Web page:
“Do your people celebrate Christmas?” asked a gym fellow while we were in a hot tub together one morning. When you go to the gym and see the same face over and over, you feel comfortable with that person. After months of running into each other at the gym, we started acknowledging each other and having small talk during our breaks.

His name is Matt, and he is in his early 60s. His friendly gesture reminds me of my own folks back home in Thailand. So, I feel comfortable carrying on a social conversation with him.

“Oh, I forgot to ask! Where are you from? Are you Cambodian?” asked Matt one day. He is not the only one who can’t tell the difference between Thais and Cambodians. There is no offense in this.

“Well, Matt, unlike Filipinos that have historically been Christians, most Thais are Buddhists and celebrate all occasions.” I finally replied to Matt, as he wondered what Buddhists would do during Christmas time. Most Thais embrace and enjoy this fun and family-oriented religious tradition of Christmas, as Buddhism supports anything that values goodness and kindness.

What do most Thais do during Christmas? Well, it depends where they are. Back in our country, there might be gathering for lunch at work, where a lot of companies allow a late lunch celebration in the office, or getting together for dinner at a restaurant. No gifts are exchanged though until New Year. And businesses open as usual with Christmas decorations displayed mostly at public spaces, or in common rooms.

Here in the U.S., many Thais work in restaurants, both self-employed and as employees.

“We close our restaurants for a day to join with our relatives for Christmas meal. No one opens the restaurant on Christmas!” Picha Pinkaow, a co-owner of three Thai restaurants–Wann Yen, Thai Curry Simple, and Emerald Thai Cuisine–responded when asked about her business plan during the holidays.

Zapver, an upcoming Thai restaurant in Fremont, along with Bang Bar in West Seattle, which shares the same owner, closed for Christmas as well. It opened later only for their family and friends for their annual gathering.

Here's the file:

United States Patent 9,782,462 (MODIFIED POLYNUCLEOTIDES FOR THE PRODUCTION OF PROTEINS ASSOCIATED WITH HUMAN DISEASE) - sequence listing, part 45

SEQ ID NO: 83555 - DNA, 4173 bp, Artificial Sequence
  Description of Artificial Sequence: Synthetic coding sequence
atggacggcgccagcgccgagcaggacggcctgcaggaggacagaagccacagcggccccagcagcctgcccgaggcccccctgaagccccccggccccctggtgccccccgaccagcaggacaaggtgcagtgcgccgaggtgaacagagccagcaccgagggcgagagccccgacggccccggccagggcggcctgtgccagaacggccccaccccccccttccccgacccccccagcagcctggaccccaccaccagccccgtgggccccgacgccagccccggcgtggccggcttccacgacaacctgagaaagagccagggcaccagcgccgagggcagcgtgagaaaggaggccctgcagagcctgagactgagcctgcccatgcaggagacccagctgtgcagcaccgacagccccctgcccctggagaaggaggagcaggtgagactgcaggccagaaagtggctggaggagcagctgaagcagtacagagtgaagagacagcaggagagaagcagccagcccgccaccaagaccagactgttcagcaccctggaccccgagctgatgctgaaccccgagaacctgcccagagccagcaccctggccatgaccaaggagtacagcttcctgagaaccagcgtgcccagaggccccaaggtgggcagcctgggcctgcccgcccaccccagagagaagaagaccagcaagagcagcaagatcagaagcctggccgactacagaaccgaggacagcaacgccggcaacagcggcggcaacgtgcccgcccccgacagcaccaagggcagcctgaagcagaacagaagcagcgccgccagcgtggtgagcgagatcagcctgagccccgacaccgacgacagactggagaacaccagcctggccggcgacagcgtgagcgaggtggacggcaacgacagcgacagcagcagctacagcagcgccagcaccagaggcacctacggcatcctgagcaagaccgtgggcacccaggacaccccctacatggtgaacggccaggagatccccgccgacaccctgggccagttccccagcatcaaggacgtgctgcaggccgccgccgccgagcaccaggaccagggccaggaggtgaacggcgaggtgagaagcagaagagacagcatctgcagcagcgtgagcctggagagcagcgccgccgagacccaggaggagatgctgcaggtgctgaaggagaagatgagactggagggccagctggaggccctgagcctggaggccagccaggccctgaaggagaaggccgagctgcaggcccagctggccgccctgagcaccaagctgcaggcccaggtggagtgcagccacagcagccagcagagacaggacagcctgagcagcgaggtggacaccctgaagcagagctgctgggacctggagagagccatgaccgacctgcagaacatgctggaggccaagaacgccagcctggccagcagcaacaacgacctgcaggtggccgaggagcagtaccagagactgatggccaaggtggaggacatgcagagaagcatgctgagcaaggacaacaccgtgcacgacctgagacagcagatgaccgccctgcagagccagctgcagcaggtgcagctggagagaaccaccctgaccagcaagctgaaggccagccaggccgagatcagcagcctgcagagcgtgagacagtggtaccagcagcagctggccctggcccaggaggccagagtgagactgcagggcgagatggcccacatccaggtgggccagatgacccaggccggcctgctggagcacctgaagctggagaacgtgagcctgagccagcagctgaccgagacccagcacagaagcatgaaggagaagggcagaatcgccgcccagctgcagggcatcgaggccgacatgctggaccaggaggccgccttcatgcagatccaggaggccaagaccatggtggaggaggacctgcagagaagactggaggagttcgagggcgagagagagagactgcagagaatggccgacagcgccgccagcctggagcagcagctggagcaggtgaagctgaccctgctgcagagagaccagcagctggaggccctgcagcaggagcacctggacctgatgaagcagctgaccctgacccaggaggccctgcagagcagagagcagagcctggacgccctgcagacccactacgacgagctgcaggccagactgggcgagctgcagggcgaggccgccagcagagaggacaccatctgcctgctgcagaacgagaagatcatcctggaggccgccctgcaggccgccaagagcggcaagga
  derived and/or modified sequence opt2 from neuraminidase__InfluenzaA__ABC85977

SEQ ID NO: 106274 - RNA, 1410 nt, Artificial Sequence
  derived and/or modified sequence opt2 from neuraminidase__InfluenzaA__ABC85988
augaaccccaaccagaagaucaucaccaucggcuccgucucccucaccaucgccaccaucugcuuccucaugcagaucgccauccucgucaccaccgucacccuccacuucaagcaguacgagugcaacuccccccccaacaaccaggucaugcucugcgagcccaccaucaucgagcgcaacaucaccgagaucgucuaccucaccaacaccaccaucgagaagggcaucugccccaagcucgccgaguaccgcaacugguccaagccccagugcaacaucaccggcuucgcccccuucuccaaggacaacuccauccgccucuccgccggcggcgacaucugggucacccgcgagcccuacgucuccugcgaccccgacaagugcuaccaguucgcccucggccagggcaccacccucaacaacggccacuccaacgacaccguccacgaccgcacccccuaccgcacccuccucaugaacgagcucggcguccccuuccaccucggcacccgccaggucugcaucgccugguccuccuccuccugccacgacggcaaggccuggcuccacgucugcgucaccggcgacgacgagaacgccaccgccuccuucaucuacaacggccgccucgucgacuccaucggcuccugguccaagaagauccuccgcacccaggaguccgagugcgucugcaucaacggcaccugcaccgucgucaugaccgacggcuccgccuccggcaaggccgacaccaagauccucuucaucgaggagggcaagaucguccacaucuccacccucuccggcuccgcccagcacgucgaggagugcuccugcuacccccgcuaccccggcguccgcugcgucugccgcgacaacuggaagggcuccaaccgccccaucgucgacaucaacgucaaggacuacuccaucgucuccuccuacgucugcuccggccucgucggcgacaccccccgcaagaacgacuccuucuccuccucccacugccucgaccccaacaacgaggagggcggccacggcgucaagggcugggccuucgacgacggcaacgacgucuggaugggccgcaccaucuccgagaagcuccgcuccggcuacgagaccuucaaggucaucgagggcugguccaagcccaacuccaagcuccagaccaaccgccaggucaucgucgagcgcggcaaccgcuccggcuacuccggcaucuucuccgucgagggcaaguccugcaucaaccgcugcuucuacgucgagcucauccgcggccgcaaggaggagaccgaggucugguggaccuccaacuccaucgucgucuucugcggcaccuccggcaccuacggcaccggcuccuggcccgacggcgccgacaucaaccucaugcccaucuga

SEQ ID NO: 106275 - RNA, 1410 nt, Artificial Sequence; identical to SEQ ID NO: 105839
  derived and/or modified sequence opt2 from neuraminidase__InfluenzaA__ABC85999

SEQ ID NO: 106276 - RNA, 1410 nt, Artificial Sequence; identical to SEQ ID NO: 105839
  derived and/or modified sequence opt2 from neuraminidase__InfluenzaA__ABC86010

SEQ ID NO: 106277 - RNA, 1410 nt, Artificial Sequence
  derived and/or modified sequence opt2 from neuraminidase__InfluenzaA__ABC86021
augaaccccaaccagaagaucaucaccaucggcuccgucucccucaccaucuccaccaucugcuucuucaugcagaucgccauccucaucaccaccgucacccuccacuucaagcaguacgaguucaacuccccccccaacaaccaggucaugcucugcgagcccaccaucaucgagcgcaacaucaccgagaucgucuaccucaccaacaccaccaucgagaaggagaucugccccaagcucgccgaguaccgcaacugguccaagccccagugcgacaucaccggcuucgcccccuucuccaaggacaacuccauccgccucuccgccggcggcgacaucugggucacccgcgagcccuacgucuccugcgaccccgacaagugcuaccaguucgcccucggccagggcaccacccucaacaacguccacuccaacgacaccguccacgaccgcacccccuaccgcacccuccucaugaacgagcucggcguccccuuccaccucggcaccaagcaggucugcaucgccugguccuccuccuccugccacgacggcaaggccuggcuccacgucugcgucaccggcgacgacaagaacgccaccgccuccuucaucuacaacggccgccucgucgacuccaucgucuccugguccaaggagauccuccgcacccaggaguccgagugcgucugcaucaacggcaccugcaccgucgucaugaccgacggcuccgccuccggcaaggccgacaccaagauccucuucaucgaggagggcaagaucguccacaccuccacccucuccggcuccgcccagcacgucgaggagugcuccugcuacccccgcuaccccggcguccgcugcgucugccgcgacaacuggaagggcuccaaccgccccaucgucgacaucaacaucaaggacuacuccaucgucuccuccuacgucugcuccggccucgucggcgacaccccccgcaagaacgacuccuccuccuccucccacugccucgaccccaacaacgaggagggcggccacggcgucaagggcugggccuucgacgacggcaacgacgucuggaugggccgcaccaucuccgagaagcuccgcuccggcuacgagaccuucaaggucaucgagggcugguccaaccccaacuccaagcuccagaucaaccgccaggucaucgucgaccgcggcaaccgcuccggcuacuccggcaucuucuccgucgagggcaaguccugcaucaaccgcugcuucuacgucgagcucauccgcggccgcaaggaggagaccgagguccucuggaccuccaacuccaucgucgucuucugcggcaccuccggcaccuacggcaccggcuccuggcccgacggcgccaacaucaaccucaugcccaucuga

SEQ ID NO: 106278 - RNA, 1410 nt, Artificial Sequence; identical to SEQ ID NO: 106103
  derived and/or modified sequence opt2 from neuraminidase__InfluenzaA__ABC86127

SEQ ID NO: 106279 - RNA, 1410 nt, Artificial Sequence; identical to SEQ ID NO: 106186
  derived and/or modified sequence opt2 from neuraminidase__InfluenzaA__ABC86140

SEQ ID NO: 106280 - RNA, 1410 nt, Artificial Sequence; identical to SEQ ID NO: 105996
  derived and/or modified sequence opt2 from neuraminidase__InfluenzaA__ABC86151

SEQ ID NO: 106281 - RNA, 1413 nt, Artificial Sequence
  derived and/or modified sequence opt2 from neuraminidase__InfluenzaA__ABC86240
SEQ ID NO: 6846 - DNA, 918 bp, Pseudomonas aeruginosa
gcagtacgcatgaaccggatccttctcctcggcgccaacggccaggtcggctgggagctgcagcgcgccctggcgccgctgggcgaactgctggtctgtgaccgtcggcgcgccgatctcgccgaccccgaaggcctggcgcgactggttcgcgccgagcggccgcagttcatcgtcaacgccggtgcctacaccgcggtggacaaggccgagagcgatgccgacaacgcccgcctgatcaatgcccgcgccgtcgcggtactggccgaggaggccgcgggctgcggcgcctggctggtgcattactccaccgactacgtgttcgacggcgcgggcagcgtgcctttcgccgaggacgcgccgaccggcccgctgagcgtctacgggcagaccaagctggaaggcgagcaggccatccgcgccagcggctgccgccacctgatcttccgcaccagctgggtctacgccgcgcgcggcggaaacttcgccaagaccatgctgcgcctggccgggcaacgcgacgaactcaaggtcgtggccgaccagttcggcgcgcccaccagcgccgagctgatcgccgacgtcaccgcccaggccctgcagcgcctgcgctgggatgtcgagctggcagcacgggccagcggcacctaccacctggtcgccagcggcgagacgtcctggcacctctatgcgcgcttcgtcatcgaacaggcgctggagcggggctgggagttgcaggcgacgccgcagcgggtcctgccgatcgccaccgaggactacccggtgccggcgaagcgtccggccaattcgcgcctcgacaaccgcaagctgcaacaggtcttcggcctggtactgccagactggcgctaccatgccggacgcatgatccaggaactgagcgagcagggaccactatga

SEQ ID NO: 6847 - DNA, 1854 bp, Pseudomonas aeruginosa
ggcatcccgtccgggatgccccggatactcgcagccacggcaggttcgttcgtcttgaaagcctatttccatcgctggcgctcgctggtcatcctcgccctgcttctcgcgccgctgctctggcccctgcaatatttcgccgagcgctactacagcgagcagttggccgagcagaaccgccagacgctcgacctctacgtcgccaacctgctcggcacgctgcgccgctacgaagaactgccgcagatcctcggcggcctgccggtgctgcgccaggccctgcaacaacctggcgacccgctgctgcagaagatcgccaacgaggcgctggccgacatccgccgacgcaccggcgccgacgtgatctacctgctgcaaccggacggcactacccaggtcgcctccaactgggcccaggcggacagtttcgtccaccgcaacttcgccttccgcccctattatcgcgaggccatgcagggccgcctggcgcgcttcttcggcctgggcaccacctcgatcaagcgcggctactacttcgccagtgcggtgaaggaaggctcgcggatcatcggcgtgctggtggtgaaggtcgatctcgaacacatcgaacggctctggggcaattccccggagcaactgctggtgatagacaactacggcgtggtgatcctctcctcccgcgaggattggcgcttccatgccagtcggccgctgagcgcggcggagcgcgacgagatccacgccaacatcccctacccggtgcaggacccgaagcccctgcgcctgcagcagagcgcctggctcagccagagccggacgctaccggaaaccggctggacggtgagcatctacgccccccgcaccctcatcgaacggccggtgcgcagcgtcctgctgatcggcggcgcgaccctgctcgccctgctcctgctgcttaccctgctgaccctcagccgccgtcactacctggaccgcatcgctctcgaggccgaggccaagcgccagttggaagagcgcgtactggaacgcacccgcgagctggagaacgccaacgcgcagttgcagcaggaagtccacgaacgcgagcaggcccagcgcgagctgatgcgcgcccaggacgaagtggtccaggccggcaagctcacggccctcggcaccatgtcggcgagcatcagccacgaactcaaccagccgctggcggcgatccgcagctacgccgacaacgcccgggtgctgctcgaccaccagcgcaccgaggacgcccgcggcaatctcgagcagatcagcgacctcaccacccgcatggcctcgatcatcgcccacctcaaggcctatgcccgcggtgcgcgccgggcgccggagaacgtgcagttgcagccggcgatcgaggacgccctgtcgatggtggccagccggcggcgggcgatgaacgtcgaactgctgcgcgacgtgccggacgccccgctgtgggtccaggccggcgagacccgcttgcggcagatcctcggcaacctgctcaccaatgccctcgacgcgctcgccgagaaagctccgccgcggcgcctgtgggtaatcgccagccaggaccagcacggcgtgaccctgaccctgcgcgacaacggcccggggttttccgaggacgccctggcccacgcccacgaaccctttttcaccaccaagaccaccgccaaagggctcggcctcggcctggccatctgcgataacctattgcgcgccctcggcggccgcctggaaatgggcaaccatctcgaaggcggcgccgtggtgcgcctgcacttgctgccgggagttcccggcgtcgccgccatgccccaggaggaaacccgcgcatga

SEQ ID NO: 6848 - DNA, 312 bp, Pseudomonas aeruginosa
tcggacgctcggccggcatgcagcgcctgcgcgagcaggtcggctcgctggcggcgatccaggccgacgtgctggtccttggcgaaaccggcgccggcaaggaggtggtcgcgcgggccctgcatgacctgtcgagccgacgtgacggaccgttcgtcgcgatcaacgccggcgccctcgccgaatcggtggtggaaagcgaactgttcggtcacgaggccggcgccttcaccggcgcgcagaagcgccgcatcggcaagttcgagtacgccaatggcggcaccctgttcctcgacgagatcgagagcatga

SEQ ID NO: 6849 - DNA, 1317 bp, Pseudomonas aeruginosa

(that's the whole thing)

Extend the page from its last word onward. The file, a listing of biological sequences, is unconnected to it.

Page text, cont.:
Working in the food service industry, employees cannot take several day trips. With heavy traffic during the holiday season, Thais tend to avoid the crowd on the road, but rather join the crowds with familiar faces, and take advantage of what is offered in town.

Ken, a Thai bartender at West Seattle-based Buddha Ruksa restaurant said he stayed put and took it easy during Christmas.

“I would just clean the house and hang out,” Aae, Ken’s colleague, joined with our conversation as their lunch patrons started leaving. “Every day off, I prefer cleaning the house and doing laundry.”

Aae (left) and Ken (right) at Buddha Ruksa restaurant in West Seattle. Photo by P. Leephan-Williams.

They were talking about staying put where they were, but they did not mean to avoid any social gatherings with friends and colleagues. Thais love to celebrate and find an excuse to hold a party, from birthdays, to job promotions, or even for a small lottery win. When they do, plenty of traditional and spicy food and beverages will be provided.

Some went to the Thai temple, bringing food to the monks (called “making merit” or tham-boon) on Christmas. There are three main temples in Woodinville, Auburn, and in Olympia, which open daily to everyone. Food and water are prepared by faithful Thai patrons and donors. Food sharing is part of Buddhist beliefs of doing good deeds, or tham-dee, and kindness practices.

The most anticipated holiday for Thais is New Year. There are increasing numbers of Buddhist Thais that prefer to spend New Year’s Eve at a temple than going to a party. White attires are advised. Devout participants usually show up at the temple by 9:00pm. They start their prayers by 10:00pm, and it lasts about 30 minutes for one round. The chanting is supposed to run 9 times. In Thai, the number nine refers to progression and prosperity. There are breaks after each cycle for water and snacks.

Patrons participating in a mind-cleansing ceremony at the Wat Washington Buddhavanaram temple in Auburn on New Year’s Eve. Photo by Bhante Prapan Lukmun.

They believe the practice helps cleanse their mind and spirit, bringing in the New Year. The next morning on New Year’s Day, these same people, joined by other dedicated believers, come back to the temple to tham-boon despite getting little sleep from long hours of prayers and/or partying.

Thais always find a chance to get together, or to party. They had just celebrated National Children’s Day over the weekend on the second Saturday of January. It mostly involves food and temple visits, including field trips to the zoo and government buildings.

Here is a short note to those who have Thai friends: besides a bouquet of flowers, bring only a big smile and a warm hug with you when you are invited to a party. Not only will you have more than enough food to choose from, taking some leftovers home will delight a Thai host. Just be careful for hot chilies disguising itself in a charming-looking dish!

Spicy Thai chilies. Photo by P. Leephan-Williams.
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